"The upside surprise would mean that an interest cut would probably be unnecessary," said Enrico Tanuwidjaja, an economist at Royal Bank of Scotland.
"We have probably already seen the bottom of the rate-cut cycle."
The central bank, Bangko Sentral ng Pilipinas (BSP), has cut interest rates four times this year, in an attempt to sustain growth. The latest cut, announced last month, saw the bank lower its benchmark rate to a record-low of 3.5% from 3.75%.
The Philippines economy has been one of the better performing ones in the region this year.
At the same time, its exports, which had been under pressure in wake of slowing demand from key markets, recovered sharply in September rising by more than 22% from a year earlier.
Earlier this year, its credit rating was raised to one level below investment grade by ratings agency Standard & Poor's.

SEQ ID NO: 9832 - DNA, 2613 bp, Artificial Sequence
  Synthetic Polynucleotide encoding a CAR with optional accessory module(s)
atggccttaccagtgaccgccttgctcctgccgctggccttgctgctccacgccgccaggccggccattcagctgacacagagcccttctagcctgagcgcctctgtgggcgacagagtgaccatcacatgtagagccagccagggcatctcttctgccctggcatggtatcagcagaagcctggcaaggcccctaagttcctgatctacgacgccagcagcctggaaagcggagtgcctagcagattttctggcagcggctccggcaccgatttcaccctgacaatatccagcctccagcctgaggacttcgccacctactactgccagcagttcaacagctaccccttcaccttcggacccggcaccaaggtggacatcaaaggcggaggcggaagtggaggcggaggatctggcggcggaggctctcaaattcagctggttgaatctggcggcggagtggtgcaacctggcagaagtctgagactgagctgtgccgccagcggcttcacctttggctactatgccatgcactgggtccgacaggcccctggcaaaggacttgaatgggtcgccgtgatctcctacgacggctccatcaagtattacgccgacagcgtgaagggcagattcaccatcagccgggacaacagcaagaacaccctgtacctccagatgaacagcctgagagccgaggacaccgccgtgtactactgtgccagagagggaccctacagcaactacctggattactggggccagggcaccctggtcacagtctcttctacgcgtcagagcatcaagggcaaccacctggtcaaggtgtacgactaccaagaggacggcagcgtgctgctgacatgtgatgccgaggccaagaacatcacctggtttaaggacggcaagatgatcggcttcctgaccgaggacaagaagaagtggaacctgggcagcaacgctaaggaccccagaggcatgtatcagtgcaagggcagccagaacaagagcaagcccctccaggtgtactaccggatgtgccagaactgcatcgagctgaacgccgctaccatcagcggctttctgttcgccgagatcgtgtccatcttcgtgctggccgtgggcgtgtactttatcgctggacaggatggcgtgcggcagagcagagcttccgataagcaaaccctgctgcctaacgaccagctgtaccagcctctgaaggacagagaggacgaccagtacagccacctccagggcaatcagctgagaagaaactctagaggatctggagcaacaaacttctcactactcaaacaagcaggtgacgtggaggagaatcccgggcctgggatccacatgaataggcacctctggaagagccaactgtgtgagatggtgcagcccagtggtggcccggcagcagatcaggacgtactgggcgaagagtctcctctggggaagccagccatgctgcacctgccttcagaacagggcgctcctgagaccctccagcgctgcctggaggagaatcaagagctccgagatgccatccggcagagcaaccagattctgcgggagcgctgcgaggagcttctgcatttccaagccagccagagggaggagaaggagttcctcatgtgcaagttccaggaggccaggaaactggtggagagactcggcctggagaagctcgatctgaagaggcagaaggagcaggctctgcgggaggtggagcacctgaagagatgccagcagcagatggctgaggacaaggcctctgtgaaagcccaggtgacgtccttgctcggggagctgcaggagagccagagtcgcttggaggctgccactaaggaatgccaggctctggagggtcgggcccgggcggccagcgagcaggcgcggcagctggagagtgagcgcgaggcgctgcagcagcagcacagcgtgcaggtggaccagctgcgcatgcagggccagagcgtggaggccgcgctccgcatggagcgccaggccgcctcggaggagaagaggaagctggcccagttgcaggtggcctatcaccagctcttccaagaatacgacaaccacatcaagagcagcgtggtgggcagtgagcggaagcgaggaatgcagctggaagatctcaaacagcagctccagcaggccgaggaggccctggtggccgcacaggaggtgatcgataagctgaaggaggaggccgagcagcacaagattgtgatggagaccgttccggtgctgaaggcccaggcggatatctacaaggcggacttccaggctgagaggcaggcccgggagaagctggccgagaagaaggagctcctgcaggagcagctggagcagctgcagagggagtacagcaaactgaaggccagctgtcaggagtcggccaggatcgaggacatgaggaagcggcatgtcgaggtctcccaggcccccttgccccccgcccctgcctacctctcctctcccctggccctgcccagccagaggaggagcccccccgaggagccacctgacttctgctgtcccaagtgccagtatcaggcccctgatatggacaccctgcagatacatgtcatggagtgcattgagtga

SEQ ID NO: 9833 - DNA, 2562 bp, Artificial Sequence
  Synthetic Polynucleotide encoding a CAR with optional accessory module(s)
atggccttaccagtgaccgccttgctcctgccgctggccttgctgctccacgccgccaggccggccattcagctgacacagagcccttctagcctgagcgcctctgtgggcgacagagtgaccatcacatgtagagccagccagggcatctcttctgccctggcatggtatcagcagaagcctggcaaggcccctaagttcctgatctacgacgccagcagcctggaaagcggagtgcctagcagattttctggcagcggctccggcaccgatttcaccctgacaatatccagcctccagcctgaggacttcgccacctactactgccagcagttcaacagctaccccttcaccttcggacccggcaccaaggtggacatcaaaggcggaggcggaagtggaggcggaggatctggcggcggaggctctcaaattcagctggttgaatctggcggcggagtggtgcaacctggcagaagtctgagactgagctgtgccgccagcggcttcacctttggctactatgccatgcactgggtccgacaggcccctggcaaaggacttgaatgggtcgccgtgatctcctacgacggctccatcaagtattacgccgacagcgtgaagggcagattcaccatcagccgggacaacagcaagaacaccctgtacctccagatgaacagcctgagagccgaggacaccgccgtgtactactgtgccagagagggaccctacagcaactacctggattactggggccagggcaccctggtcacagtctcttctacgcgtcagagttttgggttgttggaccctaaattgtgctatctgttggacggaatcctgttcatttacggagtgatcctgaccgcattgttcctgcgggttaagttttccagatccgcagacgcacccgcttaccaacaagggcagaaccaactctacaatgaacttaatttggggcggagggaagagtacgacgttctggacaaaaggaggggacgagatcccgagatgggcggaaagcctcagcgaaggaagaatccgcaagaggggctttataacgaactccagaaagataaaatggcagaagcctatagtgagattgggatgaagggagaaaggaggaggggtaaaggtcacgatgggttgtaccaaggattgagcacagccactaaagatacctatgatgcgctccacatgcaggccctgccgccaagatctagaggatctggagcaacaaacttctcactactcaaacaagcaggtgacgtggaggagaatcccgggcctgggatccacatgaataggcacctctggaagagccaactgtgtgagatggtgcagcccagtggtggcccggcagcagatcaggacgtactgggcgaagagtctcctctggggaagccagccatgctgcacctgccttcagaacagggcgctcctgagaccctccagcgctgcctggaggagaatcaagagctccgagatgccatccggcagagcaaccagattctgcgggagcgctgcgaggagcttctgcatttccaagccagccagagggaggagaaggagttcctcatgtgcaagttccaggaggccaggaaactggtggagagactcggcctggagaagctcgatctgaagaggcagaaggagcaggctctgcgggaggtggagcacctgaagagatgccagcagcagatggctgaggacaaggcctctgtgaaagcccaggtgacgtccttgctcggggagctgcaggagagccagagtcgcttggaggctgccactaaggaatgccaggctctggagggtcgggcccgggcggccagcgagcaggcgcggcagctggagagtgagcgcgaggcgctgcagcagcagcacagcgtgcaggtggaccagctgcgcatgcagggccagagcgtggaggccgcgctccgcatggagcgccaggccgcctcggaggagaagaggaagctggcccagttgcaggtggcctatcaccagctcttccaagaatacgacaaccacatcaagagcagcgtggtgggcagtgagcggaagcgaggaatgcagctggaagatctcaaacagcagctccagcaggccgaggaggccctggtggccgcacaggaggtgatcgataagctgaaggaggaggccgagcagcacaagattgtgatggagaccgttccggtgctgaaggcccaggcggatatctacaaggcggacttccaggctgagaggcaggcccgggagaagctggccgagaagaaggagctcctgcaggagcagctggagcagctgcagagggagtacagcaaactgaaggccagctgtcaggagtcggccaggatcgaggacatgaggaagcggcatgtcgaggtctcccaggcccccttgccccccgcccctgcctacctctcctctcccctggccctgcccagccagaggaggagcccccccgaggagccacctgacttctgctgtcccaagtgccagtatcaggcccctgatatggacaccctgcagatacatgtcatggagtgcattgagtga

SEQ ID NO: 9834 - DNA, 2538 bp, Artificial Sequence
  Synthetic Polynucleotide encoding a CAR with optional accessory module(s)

Two of the three major international rating agencies now have the Philippines one rung below investment grade which is likely to help it attract more investment, a key to further growth.
Analysts said that given these factors and the robust numbers for the third quarter, the Philippines was likely to beat its target of 6% growth for the current year.
"The Philippines is the diamond of the region this year," said Mr Tanuwidjaja of the Royal Bank of Scotland. "I think the Philippines will beat growth forecasts for this year."
The economy got a further boost as the Philippine National Statistical Coordination Board revised the numbers for the second quarter.
It said economic growth was 1.2% on a quarter-on-quarter basis in the April to June period, up from its earlier figure of 0.2% growth.
The board said the economy grew by 6.5% in the first nine months of the year.
Original article here: http://www.bbc.co.uk/news/business-20521862